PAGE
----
Gregg Olson Interview: Talking Ball with One of the Greatest Closers in MLB History

Friday April 6th, 2012

MLB reports – Jonathan Hacohen: As a big fan of baseball cards growing up (weren’t we all), one of my favorite memories was opening up my first pack of 1989 Donruss. For those of you that never saw that particular baseball card set, it is longer considered one of the ugliest cards of all time. The choice of colors was interesting to say the least. But for those that grew up with it, the cards were beautiful to us and we loved it! In that first pack of cards, I got a Gregg Olson “rated rookie”. The set featured many great rookie cards, including Griffey, Sheffield and Tom Gordon. But the Olson was my fave. The close-up on his wind-up. The intense competitor’s face. That card was forever burned in my mind. I became a huge Gregg Olson fan and watched his career from his MLB debut in 1988 and ROY season to follow in 1989. It all started though from that first pack of baseball cards. Thank you Donruss…wherever you are…

Being based in Toronto, I had the pleasure of watching Gregg Olson pitch on many occasions as a member of those Baltimore Orioles squads. From 1989-1993, Gregg rang up 160 saves in one of the dominant runs I had ever seen from a MLB closer.  The most saves at the time for a closer under 27-years of age. In 1989, Gregg won the AL Rookie of the Year award and finished 6th in CY Young voting. He was named an AL All-Star in 1990 (the only All-Star game nod in his career). Elbow issues unfortunately set back his career and Gregg did not get the chance to jump back into the closer’s role in 1998, while a member of the Diamondbacks. After 14 years in the big leagues and 217 career saves, Gregg Olson had a career that most players could only dream of. Had things played out differently health-wise, we would have seen him in Cooperstown one day, along with the other top closers of the modern-day, including Trevor Hoffman and Mariano Rivera.

Known for his fastball and devastating curveball nicknamed “Uncle Charlie”, Gregg Olson was as good as they get in his prime. It was very difficult in my mind to see him outside of a Baltimore Orioles jersey, but so goes the business of baseball. Gregg ended up playing for 9 major league teams, with a playoff appearance with the aforementioned Diamondbacks coming in 1999. Today on MLB reports, we had a chance to catch up with the Baltimore Orioles Hall-of-Fame pitcher and talk some great baseball. Gregg was at home watching the Masters, but was kind enough to take some time for us. Following his retirement, Gregg Olson has been one busy cat. A Scout for the San Diego Padres. Published Author of the baseball book “We Got to Play Baseball”. Part Owner and President of “Toolshed Sports“- a leading manufacturer of high performance undergear. Gregg has his hands in many facets of the game of baseball! He spoke to us about all parts of his career, from getting drafted and playing with the Orioles to his current ventures and roles (and everything in-between). Gregg is a great personality to speak with. He is funny, sarcastic and extremely knowledgeable. He tells it like it us and doesn’t hold back. Much like the dominant closer in the 9th inning that went straight after top hitters in tight ballgames- Gregg Olson approaches life with the same vigour and intensity. One of my personal favorite baseball players of all-time, baseball fans are in for a treat as I spoke exclusively one-on-one with one of the greatest closers in MLB history.  Today on MLB reports, I am proud to feature my conversation with the one and only, Gregg Olson:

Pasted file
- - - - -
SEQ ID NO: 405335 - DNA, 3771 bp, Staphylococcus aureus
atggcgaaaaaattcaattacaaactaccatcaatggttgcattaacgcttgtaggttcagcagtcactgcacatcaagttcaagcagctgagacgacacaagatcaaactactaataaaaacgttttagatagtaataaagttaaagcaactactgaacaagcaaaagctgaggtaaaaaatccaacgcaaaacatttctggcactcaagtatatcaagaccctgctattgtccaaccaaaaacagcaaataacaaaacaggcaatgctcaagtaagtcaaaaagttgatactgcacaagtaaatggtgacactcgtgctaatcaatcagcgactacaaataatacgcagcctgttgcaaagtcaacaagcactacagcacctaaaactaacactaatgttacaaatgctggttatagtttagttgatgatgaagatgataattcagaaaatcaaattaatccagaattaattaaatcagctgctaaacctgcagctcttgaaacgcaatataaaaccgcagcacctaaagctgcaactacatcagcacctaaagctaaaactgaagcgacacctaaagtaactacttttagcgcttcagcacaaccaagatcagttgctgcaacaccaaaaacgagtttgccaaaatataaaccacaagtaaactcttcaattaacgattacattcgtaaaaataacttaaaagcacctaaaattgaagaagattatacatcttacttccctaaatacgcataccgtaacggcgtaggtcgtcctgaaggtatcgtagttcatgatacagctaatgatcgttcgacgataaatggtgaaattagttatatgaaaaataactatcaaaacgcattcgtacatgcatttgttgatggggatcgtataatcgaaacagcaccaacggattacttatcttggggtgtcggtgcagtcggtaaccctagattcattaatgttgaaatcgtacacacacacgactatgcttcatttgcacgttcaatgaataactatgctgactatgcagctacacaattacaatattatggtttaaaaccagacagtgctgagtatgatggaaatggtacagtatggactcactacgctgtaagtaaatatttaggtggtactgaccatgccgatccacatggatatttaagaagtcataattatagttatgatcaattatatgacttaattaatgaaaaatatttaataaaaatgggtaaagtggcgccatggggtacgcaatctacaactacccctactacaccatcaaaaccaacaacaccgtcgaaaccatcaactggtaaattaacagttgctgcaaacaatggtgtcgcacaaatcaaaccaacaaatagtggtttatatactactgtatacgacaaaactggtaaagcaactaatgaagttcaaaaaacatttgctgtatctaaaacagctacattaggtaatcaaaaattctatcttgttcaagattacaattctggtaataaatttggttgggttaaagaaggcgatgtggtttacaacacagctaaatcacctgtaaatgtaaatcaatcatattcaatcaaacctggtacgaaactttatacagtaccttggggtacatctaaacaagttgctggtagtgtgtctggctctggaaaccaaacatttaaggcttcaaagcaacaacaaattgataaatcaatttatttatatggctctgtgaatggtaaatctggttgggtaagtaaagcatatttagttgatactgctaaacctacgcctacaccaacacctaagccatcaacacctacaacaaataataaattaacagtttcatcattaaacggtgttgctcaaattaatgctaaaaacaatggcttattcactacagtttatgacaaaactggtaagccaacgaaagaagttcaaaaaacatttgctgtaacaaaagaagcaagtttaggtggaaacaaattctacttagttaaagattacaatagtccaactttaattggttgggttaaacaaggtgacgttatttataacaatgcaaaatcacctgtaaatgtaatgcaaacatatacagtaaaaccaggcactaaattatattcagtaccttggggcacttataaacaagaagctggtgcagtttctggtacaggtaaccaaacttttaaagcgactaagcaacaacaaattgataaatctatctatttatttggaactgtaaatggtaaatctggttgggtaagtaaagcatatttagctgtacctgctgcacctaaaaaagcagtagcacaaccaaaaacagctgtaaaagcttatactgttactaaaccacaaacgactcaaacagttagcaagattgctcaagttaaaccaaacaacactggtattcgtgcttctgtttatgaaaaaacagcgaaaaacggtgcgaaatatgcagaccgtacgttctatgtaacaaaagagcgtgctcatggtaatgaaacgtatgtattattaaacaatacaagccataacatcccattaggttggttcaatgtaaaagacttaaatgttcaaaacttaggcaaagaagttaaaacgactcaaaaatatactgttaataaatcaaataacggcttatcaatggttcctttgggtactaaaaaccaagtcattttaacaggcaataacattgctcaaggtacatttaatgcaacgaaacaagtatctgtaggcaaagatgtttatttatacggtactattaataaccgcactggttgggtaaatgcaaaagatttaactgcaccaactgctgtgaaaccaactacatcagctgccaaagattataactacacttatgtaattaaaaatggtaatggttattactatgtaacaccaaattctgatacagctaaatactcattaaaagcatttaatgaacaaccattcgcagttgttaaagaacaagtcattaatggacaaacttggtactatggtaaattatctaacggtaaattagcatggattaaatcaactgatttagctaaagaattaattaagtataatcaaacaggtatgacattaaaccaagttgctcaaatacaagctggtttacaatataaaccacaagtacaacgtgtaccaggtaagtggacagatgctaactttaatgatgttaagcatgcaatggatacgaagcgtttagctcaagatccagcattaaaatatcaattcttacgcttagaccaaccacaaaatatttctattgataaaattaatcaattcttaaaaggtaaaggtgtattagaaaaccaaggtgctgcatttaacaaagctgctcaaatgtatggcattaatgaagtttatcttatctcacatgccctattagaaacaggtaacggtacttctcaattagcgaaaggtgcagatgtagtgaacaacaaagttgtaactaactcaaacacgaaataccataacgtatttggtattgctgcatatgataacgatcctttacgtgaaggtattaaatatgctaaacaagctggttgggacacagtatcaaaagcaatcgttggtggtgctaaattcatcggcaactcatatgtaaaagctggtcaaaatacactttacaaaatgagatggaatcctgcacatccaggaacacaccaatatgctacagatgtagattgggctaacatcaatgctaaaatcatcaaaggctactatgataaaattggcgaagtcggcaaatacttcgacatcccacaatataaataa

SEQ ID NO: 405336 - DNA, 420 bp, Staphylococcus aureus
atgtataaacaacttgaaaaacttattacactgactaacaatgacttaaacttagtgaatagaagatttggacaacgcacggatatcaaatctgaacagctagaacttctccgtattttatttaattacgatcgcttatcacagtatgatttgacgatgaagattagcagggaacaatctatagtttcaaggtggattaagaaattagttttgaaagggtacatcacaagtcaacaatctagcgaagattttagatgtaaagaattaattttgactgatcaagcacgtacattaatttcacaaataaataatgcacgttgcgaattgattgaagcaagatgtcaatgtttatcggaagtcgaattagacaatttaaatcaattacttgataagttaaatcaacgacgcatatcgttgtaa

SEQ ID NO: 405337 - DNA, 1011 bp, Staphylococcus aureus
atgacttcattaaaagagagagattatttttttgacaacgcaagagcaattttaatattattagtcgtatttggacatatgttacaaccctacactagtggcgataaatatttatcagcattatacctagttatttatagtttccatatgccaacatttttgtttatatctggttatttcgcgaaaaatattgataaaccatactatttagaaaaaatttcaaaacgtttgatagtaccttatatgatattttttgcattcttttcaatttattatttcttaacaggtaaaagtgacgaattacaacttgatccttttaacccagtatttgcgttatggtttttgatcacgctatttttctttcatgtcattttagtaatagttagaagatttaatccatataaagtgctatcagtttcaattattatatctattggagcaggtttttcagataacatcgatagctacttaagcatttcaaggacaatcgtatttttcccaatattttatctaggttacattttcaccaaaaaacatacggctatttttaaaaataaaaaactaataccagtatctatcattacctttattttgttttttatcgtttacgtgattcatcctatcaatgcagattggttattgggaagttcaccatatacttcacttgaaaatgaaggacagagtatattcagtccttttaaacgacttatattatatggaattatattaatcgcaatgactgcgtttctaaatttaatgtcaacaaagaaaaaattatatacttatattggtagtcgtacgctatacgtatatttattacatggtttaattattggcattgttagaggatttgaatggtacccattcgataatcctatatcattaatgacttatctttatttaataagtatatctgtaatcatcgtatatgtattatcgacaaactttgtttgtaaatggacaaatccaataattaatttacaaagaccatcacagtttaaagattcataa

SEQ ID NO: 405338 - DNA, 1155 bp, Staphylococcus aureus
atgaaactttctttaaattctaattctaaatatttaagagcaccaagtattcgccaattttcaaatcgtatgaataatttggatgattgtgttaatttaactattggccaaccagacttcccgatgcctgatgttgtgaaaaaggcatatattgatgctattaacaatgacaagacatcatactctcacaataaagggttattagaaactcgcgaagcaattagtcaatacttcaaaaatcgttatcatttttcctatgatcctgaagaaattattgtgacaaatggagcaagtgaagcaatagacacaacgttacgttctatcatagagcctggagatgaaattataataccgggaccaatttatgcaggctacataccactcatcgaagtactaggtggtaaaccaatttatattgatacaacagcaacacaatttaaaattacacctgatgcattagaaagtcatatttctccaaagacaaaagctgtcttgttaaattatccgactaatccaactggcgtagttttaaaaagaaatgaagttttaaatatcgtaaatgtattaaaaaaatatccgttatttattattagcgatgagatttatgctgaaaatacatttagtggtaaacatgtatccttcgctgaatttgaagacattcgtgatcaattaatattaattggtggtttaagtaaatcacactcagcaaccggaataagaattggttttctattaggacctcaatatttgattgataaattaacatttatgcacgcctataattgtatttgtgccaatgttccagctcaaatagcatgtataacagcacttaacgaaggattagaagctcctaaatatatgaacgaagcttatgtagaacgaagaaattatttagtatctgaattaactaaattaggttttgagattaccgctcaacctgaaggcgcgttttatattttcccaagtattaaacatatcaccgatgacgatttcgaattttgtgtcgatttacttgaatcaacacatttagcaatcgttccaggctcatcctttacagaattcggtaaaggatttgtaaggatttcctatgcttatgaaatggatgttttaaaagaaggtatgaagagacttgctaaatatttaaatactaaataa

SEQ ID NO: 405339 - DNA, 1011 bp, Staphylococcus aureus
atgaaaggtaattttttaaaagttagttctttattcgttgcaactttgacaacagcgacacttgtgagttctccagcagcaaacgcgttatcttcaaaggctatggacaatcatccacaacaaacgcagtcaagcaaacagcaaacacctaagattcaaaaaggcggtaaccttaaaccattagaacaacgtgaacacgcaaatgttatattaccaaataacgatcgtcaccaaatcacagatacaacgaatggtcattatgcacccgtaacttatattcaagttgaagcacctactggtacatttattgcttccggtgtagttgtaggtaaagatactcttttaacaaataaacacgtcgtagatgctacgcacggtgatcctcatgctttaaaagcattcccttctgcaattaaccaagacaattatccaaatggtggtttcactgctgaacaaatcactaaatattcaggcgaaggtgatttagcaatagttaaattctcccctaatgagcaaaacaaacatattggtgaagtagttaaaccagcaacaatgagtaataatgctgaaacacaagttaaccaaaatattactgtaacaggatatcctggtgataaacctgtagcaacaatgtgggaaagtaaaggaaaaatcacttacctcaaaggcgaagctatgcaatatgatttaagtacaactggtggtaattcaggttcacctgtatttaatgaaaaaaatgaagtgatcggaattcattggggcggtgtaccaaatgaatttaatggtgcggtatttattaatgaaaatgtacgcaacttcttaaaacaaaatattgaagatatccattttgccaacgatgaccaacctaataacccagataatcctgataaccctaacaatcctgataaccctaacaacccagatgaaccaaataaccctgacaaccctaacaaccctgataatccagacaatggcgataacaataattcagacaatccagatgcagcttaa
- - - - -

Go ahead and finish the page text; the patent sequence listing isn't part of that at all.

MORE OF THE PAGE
Welcome to MLB reports Gregg.  First question: A 1st round pick (4th overall) in 1988.  Did you expect to go that high in the draft? Did you always know you would be heading to Baltimore?

I actually did. I was told that it was down to Andy Benes and myself for the 1st pick, so it was going to be 1-5. Baltimore wanted me- so it was either going to be San Diego or Baltimore.


It didn’t take you many games- only a handful until reaching the majors in 1988.  How did you get the call? Tell us about that experience.

I really don’t remember how I was told. I had it in my contract that I would be there by September 1st. So it wasn’t a surprise. I do remember flying from Charlotte to Seattle with Curt Schilling (my roomie) for our first trip as big leaguers.


Tell us about “Uncle Charlie”…

I love that name. I’ll start from the beginning. My father taught it to me when I was 13. I was only allowed to throw 1 a game when I was 14 years old. It wasn’t until college that I learned that if I shorten my stride, I could throw it harder. The shorter I landed, the harder I threw. That was it.  I just felt for it early, trying to find the release, walking a hitter or 2 so I could get the feel of my CB.


Walk us through the 1989 season.  AL Rookie of the Year, CY Young and MVP votes. It must have felt like a dream.

I wasn’t supposed to make the team out of camp, most of the organization wanted me to go to AAA to be a starter. Frank Robinson wanted me and I stayed. Slow start, but was setting up in late April and we went to play the A’s. I had a good 8th and they left me in to start the 9th with a 2-1 lead. I went on to strike out D. Henderson, McGwire and Parker in order. From that moment on, I was the closer. After that, my fear of failure drove me to my success. I hated losing. I hated letting my team down and it drove me to succeed.


How did you prepare yourself for games and facing hitters?

I hated losing. I also studied the hitters charts, even made a computer program to chart every AB against me (I guess I should have patented it). I knew how I wanted to face everyone.


You were an All-Star in 1990. Where did that rank on your list of baseball accomplishments?

Might be my highlight. I was told after I was left off the list in ’92 and ’93 that there will be plenty more opportunities… NOT!!!


“The Injury” – 1993. What happened? What was the recovery like? If you had the same injury today as a player…different result?

In hindsight, I would have focused on my mechanics during my rehab. I struck out Mo Vaughn to end a game on my best cb EVER and there was a lot of pain. I threw for the next 7-10 days with my stuff going down 81mph on my fastball. Found it was torn by Dr. Jobe who recommended Tommy John surgery. Much longer story involved…